Research
‘We need to exhaust our T cell responses in autoimmune diseases - and hence limit the attack’Reuters

Immune cells that are 'exhausted' have the potential to make matters worse for infection but can help further in the battle against autoimmune diseases, new research suggests.

Just one teaspoon of blood is believed to have around 5m T cells in it – the immune cell that protects us against invading bacteria and viruses. Among the T Cells are CD8 T cells, which are at the forefront of the battle against ailments.

A second type of cell – the CD4 helper T cell – is a body which supports the CD8 T cell, also known as the 'general' of the battle as it co-ordinates the immune response.

Both of these cells can become exhausted in the fight against diseases such as cancer and as a result are no longer able to put up a sufficient fight.

However, the research from the University of Cambridge's Institute for Medical Research found that an exhausted response to infection leads to the ailment getting worse, but the opposite is true when the researchers looked at the response to autoimmune diseases – where your immune cells start attacking healthy tissue.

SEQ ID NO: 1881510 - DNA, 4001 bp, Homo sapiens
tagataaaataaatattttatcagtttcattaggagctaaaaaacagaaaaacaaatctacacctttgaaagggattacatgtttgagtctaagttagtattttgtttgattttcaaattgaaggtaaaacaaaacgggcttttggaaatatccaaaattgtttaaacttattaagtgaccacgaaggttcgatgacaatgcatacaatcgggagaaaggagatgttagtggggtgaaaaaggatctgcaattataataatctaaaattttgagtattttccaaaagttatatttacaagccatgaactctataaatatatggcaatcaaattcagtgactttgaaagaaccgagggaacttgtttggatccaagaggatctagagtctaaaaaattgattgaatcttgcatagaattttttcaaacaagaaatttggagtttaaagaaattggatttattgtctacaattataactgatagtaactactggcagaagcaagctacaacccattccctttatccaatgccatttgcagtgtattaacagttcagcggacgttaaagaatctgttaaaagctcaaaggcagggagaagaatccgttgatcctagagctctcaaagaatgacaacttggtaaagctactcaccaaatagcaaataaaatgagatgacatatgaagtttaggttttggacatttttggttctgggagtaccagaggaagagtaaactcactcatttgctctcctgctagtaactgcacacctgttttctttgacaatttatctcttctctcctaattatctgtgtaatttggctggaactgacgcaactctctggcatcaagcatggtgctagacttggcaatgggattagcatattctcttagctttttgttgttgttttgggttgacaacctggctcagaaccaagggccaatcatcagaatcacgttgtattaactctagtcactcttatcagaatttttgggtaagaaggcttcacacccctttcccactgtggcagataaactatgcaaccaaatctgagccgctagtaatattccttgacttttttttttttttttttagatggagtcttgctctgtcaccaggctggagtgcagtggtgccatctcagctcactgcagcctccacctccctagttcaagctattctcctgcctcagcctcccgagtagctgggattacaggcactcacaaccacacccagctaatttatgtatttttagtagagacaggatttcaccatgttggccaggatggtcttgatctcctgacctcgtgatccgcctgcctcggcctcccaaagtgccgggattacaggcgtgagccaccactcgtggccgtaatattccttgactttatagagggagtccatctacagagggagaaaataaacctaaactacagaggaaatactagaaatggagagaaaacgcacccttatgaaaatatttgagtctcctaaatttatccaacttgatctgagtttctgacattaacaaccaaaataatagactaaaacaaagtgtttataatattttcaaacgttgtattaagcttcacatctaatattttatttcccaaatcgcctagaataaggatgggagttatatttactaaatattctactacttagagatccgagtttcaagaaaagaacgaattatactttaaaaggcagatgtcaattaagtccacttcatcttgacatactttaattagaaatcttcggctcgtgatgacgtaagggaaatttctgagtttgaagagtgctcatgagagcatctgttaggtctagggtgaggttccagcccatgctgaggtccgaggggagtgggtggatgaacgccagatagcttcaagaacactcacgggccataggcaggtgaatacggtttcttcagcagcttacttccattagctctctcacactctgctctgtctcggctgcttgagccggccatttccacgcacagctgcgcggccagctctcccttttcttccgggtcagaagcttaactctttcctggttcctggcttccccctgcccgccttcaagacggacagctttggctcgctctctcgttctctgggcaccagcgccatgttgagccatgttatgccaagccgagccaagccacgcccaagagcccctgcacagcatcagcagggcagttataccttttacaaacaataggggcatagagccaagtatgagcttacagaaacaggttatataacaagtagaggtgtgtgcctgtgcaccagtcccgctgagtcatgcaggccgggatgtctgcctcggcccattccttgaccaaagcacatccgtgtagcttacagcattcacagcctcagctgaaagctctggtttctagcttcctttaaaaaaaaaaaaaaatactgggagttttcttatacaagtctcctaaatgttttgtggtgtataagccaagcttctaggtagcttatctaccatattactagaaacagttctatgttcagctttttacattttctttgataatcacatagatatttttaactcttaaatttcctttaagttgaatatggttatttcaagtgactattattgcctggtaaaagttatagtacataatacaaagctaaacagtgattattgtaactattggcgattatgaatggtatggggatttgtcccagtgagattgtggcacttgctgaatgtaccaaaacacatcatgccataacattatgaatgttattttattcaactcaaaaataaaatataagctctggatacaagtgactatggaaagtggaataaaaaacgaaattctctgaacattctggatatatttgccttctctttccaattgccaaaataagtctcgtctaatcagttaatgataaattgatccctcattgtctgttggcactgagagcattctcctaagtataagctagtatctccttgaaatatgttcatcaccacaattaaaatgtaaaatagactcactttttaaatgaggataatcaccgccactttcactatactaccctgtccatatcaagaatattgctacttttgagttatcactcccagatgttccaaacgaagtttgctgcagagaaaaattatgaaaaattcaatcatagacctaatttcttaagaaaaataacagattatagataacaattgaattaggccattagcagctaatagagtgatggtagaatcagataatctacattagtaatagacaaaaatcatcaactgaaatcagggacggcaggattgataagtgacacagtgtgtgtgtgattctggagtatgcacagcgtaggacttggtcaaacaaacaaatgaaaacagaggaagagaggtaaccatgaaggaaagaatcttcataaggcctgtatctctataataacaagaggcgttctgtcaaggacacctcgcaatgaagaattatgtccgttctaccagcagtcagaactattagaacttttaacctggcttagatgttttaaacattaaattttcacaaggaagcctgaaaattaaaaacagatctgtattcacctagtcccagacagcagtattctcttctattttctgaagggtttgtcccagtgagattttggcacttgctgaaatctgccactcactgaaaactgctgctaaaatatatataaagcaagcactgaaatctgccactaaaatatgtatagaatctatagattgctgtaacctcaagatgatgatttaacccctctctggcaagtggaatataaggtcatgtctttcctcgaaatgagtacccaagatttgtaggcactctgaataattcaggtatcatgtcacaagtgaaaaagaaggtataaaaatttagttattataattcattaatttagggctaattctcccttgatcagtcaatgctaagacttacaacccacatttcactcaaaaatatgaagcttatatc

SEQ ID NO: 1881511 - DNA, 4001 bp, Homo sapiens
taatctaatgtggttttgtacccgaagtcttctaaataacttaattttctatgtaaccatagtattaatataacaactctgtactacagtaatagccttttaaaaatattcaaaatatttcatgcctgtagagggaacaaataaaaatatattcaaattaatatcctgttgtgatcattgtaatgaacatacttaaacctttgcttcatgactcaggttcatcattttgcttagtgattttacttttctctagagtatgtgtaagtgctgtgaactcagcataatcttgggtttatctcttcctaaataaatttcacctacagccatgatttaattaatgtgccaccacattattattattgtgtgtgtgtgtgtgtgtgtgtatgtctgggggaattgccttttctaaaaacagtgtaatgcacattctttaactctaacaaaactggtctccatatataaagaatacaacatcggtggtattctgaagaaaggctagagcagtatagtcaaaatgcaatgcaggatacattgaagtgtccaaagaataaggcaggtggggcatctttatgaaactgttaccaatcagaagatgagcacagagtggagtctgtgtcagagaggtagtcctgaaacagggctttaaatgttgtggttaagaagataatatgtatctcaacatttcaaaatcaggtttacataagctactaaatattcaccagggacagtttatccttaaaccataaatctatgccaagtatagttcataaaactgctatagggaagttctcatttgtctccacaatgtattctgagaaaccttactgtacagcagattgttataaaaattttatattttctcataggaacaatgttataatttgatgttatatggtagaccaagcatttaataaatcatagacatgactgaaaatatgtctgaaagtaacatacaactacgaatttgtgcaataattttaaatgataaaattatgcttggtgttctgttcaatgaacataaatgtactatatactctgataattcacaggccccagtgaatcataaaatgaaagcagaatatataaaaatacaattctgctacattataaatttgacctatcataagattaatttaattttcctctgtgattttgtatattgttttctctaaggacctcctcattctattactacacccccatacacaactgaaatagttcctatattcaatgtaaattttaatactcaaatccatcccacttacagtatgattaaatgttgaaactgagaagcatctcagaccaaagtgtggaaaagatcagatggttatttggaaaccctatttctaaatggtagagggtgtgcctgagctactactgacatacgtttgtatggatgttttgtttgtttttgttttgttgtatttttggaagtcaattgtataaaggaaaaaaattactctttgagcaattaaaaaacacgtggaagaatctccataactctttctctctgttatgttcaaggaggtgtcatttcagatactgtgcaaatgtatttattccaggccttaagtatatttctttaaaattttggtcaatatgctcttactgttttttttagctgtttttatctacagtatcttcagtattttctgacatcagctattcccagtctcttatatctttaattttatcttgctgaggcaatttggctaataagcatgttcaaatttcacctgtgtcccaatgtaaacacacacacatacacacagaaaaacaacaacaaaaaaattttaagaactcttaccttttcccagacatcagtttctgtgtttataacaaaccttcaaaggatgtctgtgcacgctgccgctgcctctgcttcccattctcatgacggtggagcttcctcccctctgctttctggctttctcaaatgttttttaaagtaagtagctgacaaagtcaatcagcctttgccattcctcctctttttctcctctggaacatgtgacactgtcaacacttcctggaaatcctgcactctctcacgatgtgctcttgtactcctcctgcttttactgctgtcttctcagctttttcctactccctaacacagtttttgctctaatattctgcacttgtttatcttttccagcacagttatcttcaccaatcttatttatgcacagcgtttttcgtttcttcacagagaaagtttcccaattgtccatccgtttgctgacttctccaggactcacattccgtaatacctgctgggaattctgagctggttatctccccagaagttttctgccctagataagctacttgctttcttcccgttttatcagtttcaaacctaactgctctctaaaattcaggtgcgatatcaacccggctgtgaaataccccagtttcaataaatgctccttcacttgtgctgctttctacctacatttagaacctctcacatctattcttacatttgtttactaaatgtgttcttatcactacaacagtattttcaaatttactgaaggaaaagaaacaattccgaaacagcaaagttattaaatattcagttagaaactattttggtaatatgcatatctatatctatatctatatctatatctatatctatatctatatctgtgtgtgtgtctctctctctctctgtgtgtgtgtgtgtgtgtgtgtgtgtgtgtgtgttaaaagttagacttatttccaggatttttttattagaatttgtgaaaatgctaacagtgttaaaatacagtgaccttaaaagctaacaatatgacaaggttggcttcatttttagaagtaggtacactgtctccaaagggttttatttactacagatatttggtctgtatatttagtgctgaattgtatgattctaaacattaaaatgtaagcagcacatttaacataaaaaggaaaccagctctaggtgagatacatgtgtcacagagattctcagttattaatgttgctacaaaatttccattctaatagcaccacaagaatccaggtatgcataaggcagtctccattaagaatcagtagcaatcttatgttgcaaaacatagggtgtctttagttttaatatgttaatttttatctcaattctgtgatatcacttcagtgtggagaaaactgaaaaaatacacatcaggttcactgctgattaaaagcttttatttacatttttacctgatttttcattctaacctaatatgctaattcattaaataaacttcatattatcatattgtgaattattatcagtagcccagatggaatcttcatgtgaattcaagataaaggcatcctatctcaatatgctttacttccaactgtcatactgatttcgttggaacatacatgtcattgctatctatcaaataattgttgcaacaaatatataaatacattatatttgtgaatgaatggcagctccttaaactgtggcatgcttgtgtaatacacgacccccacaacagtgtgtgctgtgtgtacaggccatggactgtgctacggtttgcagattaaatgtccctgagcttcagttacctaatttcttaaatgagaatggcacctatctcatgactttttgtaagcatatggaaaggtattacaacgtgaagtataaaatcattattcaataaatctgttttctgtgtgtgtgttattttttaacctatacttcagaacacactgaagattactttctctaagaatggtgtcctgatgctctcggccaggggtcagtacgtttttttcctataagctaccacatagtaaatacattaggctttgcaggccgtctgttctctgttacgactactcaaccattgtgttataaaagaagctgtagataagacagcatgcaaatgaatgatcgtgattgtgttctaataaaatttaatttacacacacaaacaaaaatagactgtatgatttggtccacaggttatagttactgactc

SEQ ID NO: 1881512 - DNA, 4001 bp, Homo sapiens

Dr Eoin McKinney, a Wellcome Trust-Beit Research Fellow from the department of medicine at the University of Cambridge and an author of the study, explains: "We know that the way our bodies respond to infection and to autoimmune diseases differs between individuals. In part, we believe this is due to a process known as T cell exhaustion. For effective treatment, we need to exhaust our T cell responses in autoimmune diseases – and hence limit the attack on our body – and to reverse exhaustion when the fight is against unwanted invaders, such as viruses or cancer."

They found that by blocking the inhibitory signals during chronic infection, CD8 cells began fighting again to clear said infection. However, by enhancing the same signals, CD8 cells can become exhausted, thus limiting the damage from autoimmune disease, according to the study published in Nature.

Professor Ken Smith, lead author of the study and head of the department of medicine, says that the findings of this study could prove critical.

He said: "We believe the clinical implications of this study could be profound. A test based on the concept is soon to enter the clinic, and we are exploring new treatments for autoimmunity based on manipulating T cell exhaustion. A focus on T cell exhaustion in cancer has led to a revolution in treatment and a multi-billion dollar industry."